3 Factors To Consider When Choosing Brake Pads

Posted on: 27 July 2022

Selecting new brake pads for your car is more of a balancing act than you might realize. While nearly any modern brake pad will provide adequate performance and good stopping power, most people are looking for something a little bit better than "decent." Unfortunately, there's no such thing as the single perfect brake pad.

Like many components on your car, brake pads are the product of numerous design trade-offs. Improving one quality might mean losing a little bit on another or simply paying more to buy a pad with fewer downsides. If you're mulling over the different options for your car, here are the three factors that should influence your choice.

1. Noise

Brake pads use friction to convert one form of energy (motion) into another (heat). If you've ever used a piece of sandpaper before, you know that creating friction between rough surfaces is rarely silent. While grinding or squealing means that something may be wrong with your brakes, a little bit of noise from the pads during application is perfectly normal.

However, the type of brake pad you select will play a major role in determining how much noise they generate. Generally, you can expect organic brake pads to provide the most silent ride, although a good pair of ceramic pads may come so close that you don't notice the difference. On the other hand, semi-metallic pads will almost always produce more routine noise than other material options.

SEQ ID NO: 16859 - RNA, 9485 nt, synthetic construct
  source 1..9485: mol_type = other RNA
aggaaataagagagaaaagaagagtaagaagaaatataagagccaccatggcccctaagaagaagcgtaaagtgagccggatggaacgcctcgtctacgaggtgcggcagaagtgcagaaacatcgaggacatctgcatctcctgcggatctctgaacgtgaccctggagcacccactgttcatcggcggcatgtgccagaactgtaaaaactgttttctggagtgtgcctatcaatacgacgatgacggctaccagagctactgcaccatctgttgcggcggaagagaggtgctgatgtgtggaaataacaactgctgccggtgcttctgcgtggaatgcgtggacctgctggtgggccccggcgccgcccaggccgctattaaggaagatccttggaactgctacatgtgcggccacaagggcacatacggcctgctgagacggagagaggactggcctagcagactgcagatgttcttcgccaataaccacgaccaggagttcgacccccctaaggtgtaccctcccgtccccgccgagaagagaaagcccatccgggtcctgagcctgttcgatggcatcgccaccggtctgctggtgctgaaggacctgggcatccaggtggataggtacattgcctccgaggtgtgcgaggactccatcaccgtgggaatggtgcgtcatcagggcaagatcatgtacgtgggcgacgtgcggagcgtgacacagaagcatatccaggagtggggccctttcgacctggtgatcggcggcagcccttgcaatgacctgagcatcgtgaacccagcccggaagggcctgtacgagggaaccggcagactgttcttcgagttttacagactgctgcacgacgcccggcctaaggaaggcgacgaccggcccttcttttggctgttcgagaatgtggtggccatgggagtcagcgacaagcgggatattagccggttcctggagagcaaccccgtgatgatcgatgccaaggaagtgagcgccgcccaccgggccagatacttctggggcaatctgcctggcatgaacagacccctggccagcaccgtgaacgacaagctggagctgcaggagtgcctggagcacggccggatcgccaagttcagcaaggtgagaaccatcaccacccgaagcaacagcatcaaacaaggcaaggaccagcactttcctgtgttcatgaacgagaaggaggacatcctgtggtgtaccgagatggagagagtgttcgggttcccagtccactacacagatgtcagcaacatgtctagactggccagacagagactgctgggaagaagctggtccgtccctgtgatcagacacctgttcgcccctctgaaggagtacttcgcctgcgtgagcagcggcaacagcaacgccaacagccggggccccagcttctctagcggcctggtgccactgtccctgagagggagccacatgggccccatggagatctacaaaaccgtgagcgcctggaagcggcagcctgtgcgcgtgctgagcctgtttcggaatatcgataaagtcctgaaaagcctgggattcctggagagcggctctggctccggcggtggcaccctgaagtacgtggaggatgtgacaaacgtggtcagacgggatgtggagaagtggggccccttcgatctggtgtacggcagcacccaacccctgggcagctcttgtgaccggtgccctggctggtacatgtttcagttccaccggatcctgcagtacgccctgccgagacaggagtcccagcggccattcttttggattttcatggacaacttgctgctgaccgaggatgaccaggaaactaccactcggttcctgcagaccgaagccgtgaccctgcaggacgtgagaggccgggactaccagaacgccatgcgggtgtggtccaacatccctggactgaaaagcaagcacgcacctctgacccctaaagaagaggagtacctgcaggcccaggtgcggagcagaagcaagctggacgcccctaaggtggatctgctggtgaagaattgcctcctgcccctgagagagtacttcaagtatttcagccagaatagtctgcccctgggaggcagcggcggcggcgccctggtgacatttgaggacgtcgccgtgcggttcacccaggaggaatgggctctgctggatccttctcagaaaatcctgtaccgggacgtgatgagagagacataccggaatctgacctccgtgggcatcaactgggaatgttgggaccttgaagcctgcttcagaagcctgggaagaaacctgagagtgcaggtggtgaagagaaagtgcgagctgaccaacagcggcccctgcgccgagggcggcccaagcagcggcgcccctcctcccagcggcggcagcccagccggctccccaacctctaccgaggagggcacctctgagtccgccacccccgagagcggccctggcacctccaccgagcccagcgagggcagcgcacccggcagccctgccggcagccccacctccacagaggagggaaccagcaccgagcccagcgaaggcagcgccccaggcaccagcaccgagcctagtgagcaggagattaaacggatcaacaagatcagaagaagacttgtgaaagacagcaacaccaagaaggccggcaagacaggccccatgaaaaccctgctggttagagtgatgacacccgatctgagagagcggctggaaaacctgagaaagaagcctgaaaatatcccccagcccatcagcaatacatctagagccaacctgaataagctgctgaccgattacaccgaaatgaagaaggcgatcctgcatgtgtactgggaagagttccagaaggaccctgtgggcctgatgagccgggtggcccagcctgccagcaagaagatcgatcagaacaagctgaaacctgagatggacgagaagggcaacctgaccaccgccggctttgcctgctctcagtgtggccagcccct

2. Brake Dust

The lining on your brake pads is a sacrificial material that produces friction while minimizing wear on your brake discs. Since this material "burns up" during usage, the leftover dust must go somewhere. Where does that vaporized friction material end up? If you've ever gone a few months without cleaning your wheels, you probably already know the answer.

All pads produce dust, but the type of friction material will once again play a major role in how noticeable that dust may be. You will generally notice the most dust with organic pads. These pads are softer, so they tend to produce larger, more noticeable dust particles. Ceramic pads often produce the least visible dust, while semi-metallic pads often fall between the two.

3. Longevity

Brake dust isn't the only part of your braking system affected by the hardness of the friction material. Harder materials take longer to wear down, allowing your brakes to last longer. Ceramic is the hardest common brake pad material, followed by semi-metallic, and finally, organic. As you move down the hardness scale, you can expect your pads to wear out more quickly.

However, it's also important to remember that a harder pad will generally wear your rotors more quickly. Going with a semi-metallic or ceramic pad might allow you to increase your intervals between brake changes, but you may also find that your rotors require more frequent replacement. If you're willing to pay, you can offset this disadvantage with stronger, higher-quality rotors.   

For more information about brake service, contact a local company.